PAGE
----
News / Africa

Economist Unveils Ghana Project to Break Poverty Cycle

Jeffrey Sachs, Director of the Earth Institute, May 3, 2012.
Jeffrey Sachs, Director of the Earth Institute, May 3, 2012.
SILINGA, Ghana – Economist Jeffrey Sachs unveiled his new Millennium Village on Tuesday in Silinga, in Ghana's north.  The Millennium Villages Project started in 2005 based on the belief that poor villagers are stuck in a "poverty trap" and if given enough resources, they will become self-sufficient.  However, such plans do have their detractors. 

Video: Millennium Villages Project



Nabari village lies on a flat plain in northern Ghana, and even by African standards, the village is extremely poor.  Several of the mud-thatched houses lost their reed roof tops in a wind storm, and have not yet been replaced.  There is no electricity for miles, and villagers travel long distances to fetch clean water.  Look for a place to buy basic necessities like soap and salt, and you won't find a single store.
 
Memuna Dokurgu, who is 65, says her family barely has enough to eat.
 
She says last year her family of nine harvested only two bags of maize, which lasted them just two months.  After the food ran out, she gathered bundles of firewood to sell for 50 cents each and bought maize.
 
Life might change for Dokurgu soon.  Her village falls within the territory of a new Millennium Village Project.  Started in 2006 by economist and director of the Earth Institute at Columbia University, Jeffrey Sachs, the Millennium Villages Project is meant to serve as a model for how aid money can help the world's poorest people.  Sachs says his goal is to enable poor communities to reach the United Nations Millennium Development Goals, a series of benchmarks for poverty alleviation.
 
Northern Ghana has not benefited from the country's growing industries of oil, mineral mining and infrastructure.
 
Sachs said at the project's launch on Tuesday he will help end poverty in the region.
 
"We're here today to mark the beginning of the end of poverty in West Mamprusi and Builsa and the northern region because there is no way for poverty to continue.  This is a hard-working community… And with a helping hand from the United Kingdom and with new technologies and new ways to do things poverty can be ended in this region," Sachs said.
 
The project, which costs $24 million, will be funded largely by the British Department for International Development, or DFID.  The Ghana government and local NGOs have also promised to contribute nearly half of the funding.  Sachs says the total figure also includes contributions the government would be making anyway.  DFID will also fund a 10-year evaluation of the project, the first time a Millennium Village has been independently evaluated since the first village was launched in 2006, in Kenya.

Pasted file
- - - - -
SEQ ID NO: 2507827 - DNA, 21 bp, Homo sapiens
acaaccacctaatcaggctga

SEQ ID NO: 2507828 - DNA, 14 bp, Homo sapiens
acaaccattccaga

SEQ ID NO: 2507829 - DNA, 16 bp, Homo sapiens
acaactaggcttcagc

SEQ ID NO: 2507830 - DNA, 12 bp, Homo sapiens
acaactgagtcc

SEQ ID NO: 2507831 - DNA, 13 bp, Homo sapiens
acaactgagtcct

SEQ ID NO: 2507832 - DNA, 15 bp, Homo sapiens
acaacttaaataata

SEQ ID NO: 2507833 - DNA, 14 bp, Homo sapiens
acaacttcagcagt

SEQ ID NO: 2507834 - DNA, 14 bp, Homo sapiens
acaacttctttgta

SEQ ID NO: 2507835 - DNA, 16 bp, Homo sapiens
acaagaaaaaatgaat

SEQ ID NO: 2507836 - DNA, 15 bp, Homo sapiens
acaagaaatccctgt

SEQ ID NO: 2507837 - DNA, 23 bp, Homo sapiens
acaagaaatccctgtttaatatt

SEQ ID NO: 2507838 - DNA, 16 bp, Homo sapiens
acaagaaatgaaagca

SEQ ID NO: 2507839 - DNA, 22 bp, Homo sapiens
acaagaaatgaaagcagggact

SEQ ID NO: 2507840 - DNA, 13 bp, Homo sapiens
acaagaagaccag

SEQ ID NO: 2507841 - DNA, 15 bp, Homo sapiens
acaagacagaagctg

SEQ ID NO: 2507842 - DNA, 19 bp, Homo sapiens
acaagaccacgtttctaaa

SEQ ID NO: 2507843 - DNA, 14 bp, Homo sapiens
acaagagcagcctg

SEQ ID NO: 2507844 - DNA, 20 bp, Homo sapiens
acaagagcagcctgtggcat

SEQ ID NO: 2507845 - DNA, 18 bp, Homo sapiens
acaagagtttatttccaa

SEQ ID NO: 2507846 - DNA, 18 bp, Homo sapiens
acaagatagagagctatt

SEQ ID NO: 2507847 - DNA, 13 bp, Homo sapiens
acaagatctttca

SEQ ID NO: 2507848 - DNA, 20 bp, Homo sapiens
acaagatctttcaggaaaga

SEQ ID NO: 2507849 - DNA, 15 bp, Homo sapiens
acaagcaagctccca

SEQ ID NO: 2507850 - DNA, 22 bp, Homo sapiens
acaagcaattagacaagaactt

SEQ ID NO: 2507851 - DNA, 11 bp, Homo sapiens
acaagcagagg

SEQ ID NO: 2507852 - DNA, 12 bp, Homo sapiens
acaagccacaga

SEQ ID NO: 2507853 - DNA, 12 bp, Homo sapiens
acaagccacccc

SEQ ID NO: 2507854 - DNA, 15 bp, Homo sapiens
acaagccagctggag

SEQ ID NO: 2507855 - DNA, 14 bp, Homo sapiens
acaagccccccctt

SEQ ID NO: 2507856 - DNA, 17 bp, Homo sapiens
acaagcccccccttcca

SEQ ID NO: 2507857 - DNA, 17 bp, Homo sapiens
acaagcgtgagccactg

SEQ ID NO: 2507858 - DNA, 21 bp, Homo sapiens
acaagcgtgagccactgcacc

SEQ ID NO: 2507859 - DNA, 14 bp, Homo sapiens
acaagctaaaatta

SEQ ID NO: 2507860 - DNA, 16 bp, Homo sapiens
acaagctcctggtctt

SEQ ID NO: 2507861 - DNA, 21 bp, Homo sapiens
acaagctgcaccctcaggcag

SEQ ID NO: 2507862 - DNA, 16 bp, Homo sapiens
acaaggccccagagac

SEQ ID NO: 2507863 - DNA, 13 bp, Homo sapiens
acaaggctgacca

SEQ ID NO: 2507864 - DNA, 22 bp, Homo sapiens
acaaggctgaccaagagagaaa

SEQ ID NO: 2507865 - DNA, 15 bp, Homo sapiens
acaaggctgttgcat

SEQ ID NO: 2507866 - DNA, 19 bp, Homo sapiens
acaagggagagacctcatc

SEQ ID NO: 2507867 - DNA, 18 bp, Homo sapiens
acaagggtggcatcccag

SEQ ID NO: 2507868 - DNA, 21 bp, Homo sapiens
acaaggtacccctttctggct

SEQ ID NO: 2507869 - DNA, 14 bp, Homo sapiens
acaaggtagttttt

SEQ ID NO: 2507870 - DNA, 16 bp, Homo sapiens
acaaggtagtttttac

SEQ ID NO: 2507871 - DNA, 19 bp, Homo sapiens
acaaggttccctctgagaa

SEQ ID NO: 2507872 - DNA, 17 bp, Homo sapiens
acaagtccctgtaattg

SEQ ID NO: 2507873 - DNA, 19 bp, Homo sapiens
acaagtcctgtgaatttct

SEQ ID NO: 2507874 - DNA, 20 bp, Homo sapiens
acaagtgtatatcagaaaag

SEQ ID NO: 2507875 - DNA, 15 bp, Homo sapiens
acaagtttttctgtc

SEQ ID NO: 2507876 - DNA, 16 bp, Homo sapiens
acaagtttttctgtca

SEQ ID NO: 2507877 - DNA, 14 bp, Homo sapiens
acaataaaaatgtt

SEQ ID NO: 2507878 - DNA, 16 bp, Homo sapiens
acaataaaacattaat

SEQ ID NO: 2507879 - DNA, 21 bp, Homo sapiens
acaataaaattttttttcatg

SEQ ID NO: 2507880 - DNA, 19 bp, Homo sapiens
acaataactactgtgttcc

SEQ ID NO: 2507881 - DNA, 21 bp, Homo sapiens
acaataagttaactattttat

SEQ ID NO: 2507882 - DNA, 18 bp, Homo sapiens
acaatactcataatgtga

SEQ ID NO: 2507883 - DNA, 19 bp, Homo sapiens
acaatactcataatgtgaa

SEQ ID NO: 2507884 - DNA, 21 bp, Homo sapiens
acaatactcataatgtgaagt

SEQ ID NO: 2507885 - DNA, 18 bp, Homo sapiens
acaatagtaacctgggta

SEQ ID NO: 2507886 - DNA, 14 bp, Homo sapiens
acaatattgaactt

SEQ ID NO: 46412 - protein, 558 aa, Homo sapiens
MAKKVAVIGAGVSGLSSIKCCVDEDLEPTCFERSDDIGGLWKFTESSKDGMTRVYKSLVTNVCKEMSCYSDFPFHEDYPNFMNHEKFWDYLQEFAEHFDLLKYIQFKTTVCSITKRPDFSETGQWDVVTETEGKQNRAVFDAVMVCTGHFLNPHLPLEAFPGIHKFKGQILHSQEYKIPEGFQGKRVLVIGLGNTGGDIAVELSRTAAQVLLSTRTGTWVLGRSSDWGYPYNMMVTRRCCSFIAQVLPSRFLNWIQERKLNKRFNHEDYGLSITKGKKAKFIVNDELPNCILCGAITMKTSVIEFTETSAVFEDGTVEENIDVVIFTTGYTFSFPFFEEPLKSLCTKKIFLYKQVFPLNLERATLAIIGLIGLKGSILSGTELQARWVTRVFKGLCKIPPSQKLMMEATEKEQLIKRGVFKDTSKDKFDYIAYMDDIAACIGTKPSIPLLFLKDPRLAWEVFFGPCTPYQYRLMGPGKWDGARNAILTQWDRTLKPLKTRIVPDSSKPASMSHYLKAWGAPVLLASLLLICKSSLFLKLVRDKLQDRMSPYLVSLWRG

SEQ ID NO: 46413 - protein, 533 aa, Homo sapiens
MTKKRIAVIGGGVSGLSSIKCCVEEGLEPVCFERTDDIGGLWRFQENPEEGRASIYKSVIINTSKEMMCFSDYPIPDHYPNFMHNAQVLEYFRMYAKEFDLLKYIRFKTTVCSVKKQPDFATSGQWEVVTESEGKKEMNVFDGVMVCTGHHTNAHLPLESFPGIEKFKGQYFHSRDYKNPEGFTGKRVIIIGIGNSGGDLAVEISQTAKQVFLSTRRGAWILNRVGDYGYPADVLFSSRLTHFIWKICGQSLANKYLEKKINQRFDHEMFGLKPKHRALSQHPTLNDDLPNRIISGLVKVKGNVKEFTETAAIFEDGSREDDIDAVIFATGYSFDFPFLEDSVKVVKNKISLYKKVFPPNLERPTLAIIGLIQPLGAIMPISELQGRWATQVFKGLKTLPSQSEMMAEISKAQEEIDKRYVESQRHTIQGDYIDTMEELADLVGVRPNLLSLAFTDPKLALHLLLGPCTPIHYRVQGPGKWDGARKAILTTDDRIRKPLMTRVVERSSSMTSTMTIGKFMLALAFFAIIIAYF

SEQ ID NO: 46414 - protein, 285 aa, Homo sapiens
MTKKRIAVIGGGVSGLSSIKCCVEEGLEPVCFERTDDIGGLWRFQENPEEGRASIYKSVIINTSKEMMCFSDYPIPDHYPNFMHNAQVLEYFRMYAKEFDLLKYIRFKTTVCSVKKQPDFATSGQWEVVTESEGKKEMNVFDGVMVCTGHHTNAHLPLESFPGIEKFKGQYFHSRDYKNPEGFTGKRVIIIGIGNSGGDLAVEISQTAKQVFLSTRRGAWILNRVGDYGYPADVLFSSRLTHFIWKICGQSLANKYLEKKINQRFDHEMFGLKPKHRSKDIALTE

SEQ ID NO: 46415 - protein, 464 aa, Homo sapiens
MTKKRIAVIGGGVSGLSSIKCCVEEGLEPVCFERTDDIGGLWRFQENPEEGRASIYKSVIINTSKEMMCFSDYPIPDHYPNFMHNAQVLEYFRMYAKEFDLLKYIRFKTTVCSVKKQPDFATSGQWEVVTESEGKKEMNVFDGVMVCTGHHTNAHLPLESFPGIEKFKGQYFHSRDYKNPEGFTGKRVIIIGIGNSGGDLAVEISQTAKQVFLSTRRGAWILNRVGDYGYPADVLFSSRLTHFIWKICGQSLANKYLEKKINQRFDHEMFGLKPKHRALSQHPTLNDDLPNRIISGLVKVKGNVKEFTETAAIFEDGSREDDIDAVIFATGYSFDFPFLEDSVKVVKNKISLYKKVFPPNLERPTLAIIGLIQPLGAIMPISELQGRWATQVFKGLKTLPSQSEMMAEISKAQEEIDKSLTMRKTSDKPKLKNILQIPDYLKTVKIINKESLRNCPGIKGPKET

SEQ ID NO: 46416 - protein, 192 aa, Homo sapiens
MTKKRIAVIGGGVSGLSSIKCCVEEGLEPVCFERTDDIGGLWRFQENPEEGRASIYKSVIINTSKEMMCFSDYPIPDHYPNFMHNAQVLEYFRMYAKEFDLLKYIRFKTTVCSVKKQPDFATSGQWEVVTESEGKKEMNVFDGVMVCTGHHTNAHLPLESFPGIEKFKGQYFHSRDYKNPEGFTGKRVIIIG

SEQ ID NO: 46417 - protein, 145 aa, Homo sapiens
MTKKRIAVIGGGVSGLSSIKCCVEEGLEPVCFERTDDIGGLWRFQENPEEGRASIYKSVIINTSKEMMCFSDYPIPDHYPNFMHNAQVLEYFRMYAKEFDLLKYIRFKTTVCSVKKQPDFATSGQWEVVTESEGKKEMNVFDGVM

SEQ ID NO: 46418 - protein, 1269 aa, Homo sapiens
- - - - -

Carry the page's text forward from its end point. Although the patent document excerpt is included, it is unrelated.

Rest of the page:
Sachs has set up over a dozen demonstration sites across ten countries in Africa to show integrated development works.  He says the poorest people are stuck in poverty, but if given enough assistance in agriculture, education, health, infrastructure and business development, they can lift themselves out of poverty for good.  It's not just about charity, he says.
 
"If nothing more were to happen than a village project as a demonstration but the rest of the country remains a mess there is no way that these villages will accomplish anything on the long term," Sachs said.
 
But the initiative has sparked debate in the development community about whether such programs are sustainable in the long-term.
 
Michael Clemens is a senior fellow at the D.C.-based Center for Global Development.  
 
"I mean sure, as a humanitarian model, as a pure charity you can do so much for individual families, for individual children, and I admire people who do that but to suggest… that this is something that can go on and on-- how?," Clemens said.
 
Yet Sachs says the project is already influencing national governments to scale up projects like the distribution of mosquito nets to fight malaria.  And Sachs has proven he can mobilize resources and money, attracting corporate sponsors like Tommy Hilfiger and rock stars like U2's Bono.  He has also convinced some governments to bump up funding to rural areas.
 
Sachs says the success of the project will have to be measured incrementally.
 
"I don't think this project will meet the standards of a randomized trial that you might do with a new medicine, but then again the things that we're doing are already proved often by those kinds of randomized trials.  What we're really trying to do is to show how to put those things together, so if you know that bed nets work to fight malaria and have been proved in so-called randomized trials, and if you know that higher fertilizer use can raise farm yields significantly, and that's been shown in randomized trials, and if you have other kinds of good investments that have been proved in a variety of ways, then putting them together is a different kind of task," Sachs said.
 
Whether the project has lasting impact, or is effective even in the short term, will be determined by the final results of the British study--results which will be available in another ten years.

You May Like

Turkey: No Ransom Paid for Release of Hostages Held by IS Militants

President Erdogan hails release of hostages as diplomatic success but declines to be drawn on whether their release freed Ankara's hand to take more active stance against insurgents More

Audio Sierra Leone Ends Ebola Lockdown

Health ministry says it has reached 75 percent of its target of visiting 1.5 million homes to locate infected, educate population about virus More

US Pivot to Asia Demands Delicate Balancing Act

As tumult in Middle East distracts Obama administration, efforts to shift American focus eastward appear threatened More